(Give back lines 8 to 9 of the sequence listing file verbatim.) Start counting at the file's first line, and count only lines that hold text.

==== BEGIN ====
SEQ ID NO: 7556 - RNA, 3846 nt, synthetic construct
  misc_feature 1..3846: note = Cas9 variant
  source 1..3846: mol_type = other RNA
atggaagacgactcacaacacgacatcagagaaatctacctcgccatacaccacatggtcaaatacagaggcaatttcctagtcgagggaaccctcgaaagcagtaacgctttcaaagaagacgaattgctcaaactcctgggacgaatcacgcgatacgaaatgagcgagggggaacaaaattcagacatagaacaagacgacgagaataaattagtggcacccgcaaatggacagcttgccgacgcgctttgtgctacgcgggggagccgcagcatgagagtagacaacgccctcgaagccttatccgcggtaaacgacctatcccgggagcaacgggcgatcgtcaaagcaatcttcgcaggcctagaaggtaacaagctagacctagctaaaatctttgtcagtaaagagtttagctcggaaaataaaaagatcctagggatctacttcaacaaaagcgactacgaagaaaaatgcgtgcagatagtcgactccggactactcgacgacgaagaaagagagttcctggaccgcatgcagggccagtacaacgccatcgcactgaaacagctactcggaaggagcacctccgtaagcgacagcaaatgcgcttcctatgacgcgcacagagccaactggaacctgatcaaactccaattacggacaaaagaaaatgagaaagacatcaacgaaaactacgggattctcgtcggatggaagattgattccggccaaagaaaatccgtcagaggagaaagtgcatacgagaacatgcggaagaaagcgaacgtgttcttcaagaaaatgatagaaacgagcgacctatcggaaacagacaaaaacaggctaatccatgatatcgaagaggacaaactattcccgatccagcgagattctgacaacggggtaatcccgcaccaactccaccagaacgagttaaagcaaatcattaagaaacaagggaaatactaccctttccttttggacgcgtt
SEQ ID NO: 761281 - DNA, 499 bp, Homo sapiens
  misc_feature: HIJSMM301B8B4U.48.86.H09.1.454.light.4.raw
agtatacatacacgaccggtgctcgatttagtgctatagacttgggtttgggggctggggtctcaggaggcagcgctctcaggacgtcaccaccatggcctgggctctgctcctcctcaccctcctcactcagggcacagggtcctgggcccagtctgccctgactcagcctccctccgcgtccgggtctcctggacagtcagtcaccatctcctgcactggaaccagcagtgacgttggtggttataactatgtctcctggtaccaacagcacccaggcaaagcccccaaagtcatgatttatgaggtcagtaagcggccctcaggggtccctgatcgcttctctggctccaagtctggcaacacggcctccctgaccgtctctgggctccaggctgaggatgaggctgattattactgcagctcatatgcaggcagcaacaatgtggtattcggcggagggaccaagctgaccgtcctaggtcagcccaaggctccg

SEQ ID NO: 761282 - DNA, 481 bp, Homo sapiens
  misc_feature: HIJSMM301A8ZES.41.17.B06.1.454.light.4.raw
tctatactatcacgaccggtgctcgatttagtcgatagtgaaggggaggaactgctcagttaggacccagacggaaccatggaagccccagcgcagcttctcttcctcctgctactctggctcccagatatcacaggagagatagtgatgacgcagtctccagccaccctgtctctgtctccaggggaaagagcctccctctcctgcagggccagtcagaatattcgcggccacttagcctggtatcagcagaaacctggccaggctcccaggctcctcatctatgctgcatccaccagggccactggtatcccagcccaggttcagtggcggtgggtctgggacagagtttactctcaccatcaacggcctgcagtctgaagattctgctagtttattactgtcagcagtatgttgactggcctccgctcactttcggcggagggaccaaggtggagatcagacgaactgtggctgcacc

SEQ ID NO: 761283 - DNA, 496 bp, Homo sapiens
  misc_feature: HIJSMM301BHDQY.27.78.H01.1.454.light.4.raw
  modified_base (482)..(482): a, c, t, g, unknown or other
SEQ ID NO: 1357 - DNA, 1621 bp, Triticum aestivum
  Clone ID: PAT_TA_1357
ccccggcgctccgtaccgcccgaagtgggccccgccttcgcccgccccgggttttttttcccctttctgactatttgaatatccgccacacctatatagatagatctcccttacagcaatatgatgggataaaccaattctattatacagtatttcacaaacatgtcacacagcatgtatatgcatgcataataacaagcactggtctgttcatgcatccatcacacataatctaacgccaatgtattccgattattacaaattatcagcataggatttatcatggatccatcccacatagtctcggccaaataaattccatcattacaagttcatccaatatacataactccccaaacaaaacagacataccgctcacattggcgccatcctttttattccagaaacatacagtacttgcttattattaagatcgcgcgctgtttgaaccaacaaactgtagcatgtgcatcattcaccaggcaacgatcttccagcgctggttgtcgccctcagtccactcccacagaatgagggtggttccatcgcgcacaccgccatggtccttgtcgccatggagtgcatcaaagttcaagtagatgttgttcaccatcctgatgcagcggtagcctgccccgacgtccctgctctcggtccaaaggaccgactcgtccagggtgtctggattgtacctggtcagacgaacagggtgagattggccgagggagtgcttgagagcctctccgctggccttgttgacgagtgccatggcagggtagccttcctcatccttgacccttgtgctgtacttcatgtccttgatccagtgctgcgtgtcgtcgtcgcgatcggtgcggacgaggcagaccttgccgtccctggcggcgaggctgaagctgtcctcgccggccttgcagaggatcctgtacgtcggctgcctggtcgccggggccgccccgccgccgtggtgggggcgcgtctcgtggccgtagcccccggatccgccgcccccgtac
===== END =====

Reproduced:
SEQ ID NO: 761282 - DNA, 481 bp, Homo sapiens
  misc_feature: HIJSMM301A8ZES.41.17.B06.1.454.light.4.raw